10 Top Dividend Growth Stocks in the S&P/TSX 60

These dividend stocks beat inflation.

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How safe is your retirement from inflation?

Sure, rising prices may not pose much of a threat today. The consumer price index — a rough barometer for inflation — is only rising by about 1% to 2% annually. Central banks around the world are preoccupied with falling prices.

But in five… 10… 20 years, who can say? If inflation makes a comeback, interest payments from GICs and bonds won’t be able to keep pace with rising prices.

That’s the advantage of dividend growth stocks. High quality companies like utilities, banks, and pipelines, for example, can increase their dividends regularly, serving as a natural hedge against inflation.

Not only do dividend growers protect your wealth from rising prices, but they’re just darn good investments. Studies show a direct link between higher payouts and higher earnings growth. This is due to the simple fact that managers have to carefully allocate capital to value creating projects. It’s no wonder dividend growth stocks have outperformed the broader market over decades.

So with all that said, let’s take a peek at the top 10 large-cap dividend growth stocks. In this list, I only included members of the prestigious S&P/TSX 60 index and ranked companies according to their compounded dividend growth rates over the last five years.

Company Yield 
5-year
Div.
Growth
Potash Corp. 3.9% 60.0%
Suncor Energy 2.1% 35.7%
Cdn Natural Resources 2.0% 33.8%
Magna International 1.6% 33.4%
Yamana Gold 2.1% 30.3%
Goldcorp 2.4% 27.2%
Tim Hortons 2.1% 26.2%
Canadian Oil Sands 6.2% 18.5%
Metro 1.8% 16.9%
Canadian Tire 1.6% 15.8%

Source: Yahoo! Finance

Obviously, the problem with a screen like this is that you get a number of names that you should’ve bought. However, many of the companies on this list are unlikely to deliver these types of returns over the next five years.

Potash Corp. (TSX: POT)(NYSE: POT) is a case in point. In a recent post I highlighted the fact that the company’s unusually high yield is a reflection of the sour outlook for potash prices.

It’s the same problem here as well. Sure, the company delivered 60% annual dividend growth over the past five years. But that was because the payout started from an unusually low base and was supported substantially by rising potash prices. No, this stock won’t be at the top of this list in 2019.

I’m sceptical of other stocks on this list as well — namely Yamana Gold (TSX: YRI)(NYSE: AUY) and Goldcorp (TSX: G)(NYSE: GG). Once again, such performance was only possible thanks to skyrocketing gold prices. But with precious metals out of favour with investors, miners are looking to cut costs, rework mine plans, and sell assets. They’re not thinking about hiking dividends.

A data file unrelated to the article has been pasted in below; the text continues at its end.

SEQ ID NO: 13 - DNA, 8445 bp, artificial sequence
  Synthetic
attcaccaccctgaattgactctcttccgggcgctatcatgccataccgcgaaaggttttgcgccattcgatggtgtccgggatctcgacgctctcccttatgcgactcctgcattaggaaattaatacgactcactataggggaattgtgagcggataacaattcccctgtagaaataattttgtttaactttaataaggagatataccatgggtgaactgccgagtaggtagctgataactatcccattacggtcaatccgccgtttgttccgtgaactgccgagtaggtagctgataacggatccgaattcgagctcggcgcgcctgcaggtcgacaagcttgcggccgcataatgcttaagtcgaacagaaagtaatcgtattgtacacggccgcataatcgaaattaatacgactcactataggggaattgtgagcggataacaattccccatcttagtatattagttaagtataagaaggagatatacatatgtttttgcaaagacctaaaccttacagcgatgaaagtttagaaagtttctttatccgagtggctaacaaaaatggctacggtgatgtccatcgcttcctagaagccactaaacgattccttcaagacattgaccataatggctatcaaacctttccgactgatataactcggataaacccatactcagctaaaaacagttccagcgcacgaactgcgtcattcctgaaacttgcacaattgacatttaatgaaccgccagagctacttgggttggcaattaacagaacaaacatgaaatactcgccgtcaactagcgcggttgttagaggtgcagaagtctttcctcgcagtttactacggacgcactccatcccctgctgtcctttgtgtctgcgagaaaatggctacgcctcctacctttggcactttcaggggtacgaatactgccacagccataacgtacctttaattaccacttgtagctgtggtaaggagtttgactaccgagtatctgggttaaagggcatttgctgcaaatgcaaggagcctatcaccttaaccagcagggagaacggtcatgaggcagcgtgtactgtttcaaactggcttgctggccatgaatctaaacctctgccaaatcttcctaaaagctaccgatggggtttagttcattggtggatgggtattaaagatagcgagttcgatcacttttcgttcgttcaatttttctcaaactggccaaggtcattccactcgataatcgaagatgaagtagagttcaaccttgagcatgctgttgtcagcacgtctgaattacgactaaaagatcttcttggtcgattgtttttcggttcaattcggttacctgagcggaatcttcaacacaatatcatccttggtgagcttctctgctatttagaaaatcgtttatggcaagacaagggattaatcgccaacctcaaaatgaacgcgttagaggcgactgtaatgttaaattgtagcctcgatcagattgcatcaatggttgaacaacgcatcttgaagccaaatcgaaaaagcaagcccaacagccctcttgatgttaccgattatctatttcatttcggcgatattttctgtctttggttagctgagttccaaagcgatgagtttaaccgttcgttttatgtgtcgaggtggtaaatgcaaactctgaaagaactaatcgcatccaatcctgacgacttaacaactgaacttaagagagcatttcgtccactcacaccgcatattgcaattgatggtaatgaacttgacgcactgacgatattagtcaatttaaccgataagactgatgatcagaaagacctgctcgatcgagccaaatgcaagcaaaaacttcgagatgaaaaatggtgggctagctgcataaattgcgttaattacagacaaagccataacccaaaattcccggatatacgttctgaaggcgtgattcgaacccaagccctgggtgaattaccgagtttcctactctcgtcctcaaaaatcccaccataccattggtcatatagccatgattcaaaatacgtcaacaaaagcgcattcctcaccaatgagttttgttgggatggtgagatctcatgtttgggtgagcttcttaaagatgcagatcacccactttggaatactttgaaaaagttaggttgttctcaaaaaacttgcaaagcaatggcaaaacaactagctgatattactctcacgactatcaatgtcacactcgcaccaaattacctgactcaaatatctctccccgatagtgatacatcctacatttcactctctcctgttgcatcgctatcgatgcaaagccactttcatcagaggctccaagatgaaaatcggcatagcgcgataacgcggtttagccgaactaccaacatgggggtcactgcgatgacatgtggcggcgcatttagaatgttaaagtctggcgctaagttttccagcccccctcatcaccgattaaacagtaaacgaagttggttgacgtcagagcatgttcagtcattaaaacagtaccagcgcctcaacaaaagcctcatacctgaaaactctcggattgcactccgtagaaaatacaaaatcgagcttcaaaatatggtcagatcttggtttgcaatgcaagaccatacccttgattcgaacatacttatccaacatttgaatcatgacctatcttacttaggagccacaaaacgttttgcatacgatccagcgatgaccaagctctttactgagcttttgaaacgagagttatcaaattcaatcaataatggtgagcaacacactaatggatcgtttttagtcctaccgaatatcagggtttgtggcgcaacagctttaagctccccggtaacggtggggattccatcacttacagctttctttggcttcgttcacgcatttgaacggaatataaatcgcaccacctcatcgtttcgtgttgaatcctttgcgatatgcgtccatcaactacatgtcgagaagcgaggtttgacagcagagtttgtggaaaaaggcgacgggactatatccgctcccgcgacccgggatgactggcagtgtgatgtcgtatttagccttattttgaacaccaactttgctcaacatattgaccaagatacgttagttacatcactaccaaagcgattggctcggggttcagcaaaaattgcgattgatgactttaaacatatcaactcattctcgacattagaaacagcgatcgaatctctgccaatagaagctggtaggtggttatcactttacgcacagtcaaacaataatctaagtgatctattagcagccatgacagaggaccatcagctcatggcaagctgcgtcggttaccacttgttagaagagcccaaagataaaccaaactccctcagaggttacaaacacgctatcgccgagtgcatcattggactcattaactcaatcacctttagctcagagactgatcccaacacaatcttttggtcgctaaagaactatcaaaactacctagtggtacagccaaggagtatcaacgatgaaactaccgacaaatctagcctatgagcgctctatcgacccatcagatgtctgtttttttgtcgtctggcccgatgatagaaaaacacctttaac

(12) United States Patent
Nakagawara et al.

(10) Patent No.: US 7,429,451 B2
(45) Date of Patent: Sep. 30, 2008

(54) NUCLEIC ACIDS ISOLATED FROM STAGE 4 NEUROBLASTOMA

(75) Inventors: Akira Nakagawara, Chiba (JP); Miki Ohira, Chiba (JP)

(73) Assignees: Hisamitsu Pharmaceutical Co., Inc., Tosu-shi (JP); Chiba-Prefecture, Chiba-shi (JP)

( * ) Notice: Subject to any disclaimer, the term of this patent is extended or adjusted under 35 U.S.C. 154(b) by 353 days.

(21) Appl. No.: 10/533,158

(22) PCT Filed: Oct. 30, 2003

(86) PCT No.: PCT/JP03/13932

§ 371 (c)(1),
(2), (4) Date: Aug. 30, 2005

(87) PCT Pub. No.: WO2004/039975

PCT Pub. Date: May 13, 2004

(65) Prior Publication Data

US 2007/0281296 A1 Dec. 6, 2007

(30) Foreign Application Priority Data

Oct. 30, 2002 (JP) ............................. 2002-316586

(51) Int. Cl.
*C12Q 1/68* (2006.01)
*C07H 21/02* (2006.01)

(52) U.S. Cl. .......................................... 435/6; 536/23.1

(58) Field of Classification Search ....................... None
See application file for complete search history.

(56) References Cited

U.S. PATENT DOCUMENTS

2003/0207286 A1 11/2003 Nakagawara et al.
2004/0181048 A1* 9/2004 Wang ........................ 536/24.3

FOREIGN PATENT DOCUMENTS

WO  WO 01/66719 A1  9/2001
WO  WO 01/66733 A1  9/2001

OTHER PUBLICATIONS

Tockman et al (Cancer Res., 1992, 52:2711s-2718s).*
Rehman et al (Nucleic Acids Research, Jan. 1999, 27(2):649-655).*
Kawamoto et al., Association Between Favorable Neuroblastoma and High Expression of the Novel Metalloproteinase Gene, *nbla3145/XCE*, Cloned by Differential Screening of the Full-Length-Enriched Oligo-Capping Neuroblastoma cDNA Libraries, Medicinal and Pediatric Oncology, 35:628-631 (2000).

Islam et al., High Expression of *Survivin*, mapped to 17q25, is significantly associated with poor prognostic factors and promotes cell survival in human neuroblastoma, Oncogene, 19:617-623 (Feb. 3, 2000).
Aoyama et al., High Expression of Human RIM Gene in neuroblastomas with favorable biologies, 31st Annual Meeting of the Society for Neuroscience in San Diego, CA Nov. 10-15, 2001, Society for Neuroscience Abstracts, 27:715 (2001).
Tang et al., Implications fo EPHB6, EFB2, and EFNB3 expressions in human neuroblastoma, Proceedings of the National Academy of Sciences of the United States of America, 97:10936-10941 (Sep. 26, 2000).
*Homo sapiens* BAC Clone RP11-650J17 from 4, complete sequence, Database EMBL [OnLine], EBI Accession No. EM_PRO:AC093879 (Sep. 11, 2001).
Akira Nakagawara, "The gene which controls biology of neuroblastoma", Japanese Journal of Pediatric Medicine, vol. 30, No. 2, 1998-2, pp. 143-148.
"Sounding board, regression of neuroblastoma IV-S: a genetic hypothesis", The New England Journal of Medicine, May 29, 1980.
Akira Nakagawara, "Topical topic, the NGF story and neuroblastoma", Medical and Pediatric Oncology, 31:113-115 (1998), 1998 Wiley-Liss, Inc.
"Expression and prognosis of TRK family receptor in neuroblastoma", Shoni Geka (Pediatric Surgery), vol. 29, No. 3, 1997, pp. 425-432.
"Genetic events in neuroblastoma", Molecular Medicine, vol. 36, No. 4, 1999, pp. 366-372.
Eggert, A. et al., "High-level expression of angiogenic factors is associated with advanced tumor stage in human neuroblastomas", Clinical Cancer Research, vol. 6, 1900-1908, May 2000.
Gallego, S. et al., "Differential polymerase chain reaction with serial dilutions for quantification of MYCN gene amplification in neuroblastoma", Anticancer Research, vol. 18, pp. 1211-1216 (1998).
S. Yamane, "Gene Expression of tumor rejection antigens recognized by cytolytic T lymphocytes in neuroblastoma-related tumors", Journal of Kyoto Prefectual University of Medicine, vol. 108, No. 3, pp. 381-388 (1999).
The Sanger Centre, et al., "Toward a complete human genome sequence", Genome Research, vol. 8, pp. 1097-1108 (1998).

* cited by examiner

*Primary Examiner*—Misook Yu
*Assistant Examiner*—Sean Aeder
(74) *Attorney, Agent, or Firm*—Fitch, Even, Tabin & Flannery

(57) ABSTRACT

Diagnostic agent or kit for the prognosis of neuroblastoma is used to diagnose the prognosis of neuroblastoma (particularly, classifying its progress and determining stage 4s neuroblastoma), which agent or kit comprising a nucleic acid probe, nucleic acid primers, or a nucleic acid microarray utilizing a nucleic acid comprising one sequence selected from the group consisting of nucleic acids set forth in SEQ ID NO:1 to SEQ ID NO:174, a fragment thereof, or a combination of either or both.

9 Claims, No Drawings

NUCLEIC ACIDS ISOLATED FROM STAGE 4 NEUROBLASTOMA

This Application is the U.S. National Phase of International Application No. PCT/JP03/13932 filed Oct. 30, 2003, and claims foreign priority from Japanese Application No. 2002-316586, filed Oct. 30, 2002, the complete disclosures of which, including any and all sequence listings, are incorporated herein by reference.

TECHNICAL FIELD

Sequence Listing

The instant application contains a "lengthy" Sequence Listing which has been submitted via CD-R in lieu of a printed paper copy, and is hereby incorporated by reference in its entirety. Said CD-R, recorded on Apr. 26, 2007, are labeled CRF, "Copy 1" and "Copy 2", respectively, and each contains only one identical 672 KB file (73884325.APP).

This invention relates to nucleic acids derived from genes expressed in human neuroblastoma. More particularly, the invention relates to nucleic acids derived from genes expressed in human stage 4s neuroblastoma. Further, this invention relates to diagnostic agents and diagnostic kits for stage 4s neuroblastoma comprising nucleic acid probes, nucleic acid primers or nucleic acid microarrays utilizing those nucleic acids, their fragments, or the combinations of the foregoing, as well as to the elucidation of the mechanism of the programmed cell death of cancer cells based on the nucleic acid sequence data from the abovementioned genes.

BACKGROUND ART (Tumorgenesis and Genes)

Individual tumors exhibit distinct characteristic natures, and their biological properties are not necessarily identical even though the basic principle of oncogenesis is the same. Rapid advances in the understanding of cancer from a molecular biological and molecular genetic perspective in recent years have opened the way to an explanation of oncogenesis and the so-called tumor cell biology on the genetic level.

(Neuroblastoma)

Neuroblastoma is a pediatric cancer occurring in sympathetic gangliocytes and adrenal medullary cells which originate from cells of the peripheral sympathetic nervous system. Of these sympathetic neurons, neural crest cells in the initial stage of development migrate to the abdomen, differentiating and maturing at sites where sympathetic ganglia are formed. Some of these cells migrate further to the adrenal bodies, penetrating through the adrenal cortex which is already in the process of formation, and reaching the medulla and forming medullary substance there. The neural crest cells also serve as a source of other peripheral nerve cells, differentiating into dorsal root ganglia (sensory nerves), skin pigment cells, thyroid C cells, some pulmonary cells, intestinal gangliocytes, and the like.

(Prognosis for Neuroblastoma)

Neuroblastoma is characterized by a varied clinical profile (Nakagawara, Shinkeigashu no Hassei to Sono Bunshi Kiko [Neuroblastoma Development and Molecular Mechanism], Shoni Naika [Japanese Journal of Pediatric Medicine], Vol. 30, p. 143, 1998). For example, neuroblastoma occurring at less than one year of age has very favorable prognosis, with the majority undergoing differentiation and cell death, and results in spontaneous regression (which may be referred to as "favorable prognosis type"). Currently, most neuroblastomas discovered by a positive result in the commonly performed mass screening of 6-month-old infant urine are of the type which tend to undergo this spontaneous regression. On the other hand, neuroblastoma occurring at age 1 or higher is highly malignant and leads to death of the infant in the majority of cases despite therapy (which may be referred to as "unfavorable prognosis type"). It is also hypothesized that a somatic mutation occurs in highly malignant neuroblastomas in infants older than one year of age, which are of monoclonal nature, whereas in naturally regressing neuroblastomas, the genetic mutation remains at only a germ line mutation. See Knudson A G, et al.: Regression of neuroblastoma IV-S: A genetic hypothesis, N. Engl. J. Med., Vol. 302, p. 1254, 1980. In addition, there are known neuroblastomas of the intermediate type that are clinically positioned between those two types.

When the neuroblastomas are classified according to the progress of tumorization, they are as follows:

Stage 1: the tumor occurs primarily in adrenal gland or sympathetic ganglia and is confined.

However, there are a few good income ideas on this list. Suncor (TSX: SU)(NYSE: SU) Chief Executive Steve Williams has made it clear that he is committed to reigning in spending and returning more capital to shareholders. Since taking the helm in 2011, Williams has doubled the size of Suncor’s dividend and has repurchased almost 10% of the company’s outstanding shares.

Canadian Natural Resources (TSX: CNQ)(NYSE: CNQ) also has a favourable growth outlook. After a decade of spending heavily to build out its oil sand operations, many of those investments are starting to pay off. Management projects free cash flow to grow sixfold over the next five years. This will likely result in a steady stream of dividend hikes and share buybacks.

Tim Hortons (TSX: THI)(NYSE: THI) is another interesting name. After all, Canadians are unlikely to stop chugging down coffee over the next five years. However, Tim’s has also laid out an ambitious growth strategy and plans to add 800 more franchises worldwide by 2018. That could fuel more dividend hikes in the years to come.

As the old financial cliché goes, past performance is no guarantee of future returns. However, the management teams in all of the companies listed above have shown a firm commitment to putting cash in shareholders’ pockets. That’s a good enough reason to add anyone of these names to your investment watchlist.

This article represents the opinion of the writer, who may disagree with the “official” recommendation position of a Motley Fool premium service or advisor. We’re Motley! Questioning an investing thesis — even one of our own — helps us all think critically about investing and make decisions that help us become smarter, happier, and richer, so we sometimes publish articles that may not be in line with recommendations, rankings or other content.

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